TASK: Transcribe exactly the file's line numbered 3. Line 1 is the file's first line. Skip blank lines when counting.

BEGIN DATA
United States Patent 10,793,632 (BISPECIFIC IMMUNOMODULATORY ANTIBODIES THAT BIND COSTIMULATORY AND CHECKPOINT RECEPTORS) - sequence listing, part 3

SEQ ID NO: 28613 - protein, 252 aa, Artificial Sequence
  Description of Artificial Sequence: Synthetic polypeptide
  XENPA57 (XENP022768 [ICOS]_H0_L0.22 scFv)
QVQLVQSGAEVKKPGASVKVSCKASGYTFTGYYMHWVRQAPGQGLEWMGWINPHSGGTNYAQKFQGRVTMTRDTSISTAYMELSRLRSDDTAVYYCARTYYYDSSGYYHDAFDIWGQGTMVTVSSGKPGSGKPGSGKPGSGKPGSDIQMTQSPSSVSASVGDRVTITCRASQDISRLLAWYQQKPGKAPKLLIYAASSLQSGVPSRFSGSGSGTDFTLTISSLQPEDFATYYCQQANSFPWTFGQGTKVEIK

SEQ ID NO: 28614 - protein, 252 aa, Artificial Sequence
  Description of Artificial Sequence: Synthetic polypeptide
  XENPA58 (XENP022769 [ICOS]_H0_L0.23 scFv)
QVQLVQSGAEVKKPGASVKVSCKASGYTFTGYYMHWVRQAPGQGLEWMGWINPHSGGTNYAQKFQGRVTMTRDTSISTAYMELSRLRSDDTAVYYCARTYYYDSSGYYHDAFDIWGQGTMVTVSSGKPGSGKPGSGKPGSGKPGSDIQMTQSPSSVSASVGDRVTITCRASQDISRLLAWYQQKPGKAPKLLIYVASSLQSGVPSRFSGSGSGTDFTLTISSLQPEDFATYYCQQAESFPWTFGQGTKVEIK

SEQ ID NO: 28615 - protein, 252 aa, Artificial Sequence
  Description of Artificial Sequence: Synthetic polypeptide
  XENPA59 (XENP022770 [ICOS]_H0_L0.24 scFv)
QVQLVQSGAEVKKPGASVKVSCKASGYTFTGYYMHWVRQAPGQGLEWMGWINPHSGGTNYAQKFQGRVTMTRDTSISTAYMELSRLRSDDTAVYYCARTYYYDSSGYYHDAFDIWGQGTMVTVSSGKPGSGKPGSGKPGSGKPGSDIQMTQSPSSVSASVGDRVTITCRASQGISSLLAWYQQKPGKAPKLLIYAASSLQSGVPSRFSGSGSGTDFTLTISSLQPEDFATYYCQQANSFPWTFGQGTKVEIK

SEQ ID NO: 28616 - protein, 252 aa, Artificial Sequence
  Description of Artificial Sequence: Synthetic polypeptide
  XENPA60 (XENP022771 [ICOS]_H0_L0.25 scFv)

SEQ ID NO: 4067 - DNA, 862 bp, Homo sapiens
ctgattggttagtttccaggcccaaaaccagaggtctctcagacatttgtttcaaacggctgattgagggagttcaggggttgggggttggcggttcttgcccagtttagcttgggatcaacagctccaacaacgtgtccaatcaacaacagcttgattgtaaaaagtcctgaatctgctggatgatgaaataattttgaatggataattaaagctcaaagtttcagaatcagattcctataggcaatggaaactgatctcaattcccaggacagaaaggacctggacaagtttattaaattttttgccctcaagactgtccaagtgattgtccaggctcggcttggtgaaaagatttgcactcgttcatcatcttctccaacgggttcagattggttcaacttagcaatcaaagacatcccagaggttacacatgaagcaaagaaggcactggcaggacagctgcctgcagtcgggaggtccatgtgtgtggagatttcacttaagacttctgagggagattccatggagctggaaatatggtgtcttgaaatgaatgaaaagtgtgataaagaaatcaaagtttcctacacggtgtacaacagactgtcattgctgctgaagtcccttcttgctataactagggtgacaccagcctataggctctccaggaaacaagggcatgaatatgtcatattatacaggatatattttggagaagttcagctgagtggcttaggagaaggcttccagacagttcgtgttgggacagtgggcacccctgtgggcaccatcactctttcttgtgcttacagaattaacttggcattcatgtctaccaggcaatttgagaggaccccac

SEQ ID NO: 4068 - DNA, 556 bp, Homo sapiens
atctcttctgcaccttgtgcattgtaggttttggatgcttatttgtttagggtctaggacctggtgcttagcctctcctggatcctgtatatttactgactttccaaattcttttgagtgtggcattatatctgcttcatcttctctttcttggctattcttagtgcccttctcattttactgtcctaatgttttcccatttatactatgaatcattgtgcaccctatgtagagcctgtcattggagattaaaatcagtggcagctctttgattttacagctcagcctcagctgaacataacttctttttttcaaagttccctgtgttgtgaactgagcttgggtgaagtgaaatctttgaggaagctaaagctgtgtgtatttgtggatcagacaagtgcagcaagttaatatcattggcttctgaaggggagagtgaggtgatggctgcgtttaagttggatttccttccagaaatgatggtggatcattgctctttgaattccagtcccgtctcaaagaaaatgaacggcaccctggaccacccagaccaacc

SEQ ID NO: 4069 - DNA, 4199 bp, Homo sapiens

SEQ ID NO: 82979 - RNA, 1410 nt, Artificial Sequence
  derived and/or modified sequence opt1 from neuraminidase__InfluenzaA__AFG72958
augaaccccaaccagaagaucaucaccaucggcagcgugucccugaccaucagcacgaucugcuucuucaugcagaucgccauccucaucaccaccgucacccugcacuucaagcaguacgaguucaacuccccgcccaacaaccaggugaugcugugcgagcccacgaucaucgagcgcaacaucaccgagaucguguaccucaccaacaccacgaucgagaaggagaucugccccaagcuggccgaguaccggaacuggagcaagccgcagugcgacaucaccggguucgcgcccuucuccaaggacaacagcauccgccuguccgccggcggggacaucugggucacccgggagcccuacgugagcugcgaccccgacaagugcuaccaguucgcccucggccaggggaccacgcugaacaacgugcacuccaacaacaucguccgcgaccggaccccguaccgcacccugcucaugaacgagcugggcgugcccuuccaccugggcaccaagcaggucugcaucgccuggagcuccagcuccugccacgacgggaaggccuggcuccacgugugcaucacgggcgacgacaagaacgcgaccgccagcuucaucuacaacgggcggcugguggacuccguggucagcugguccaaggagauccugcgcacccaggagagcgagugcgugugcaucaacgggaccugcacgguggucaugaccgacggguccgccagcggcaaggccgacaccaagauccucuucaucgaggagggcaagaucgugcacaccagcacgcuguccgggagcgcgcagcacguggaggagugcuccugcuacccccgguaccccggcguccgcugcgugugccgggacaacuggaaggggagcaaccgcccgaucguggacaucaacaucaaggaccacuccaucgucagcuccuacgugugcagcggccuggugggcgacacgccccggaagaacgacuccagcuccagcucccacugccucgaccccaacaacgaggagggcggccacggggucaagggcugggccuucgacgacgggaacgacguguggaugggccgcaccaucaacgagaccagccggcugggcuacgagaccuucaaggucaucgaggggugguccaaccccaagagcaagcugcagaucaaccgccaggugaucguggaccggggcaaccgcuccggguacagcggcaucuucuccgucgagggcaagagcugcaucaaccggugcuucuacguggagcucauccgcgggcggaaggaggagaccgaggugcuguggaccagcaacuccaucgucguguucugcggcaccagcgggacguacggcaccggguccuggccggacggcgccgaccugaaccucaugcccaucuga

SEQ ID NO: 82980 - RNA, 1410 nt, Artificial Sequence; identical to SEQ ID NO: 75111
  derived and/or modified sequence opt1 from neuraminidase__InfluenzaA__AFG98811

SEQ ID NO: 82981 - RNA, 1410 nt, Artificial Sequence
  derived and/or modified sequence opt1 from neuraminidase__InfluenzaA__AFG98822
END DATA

  Description of Artificial Sequence: Synthetic polypeptide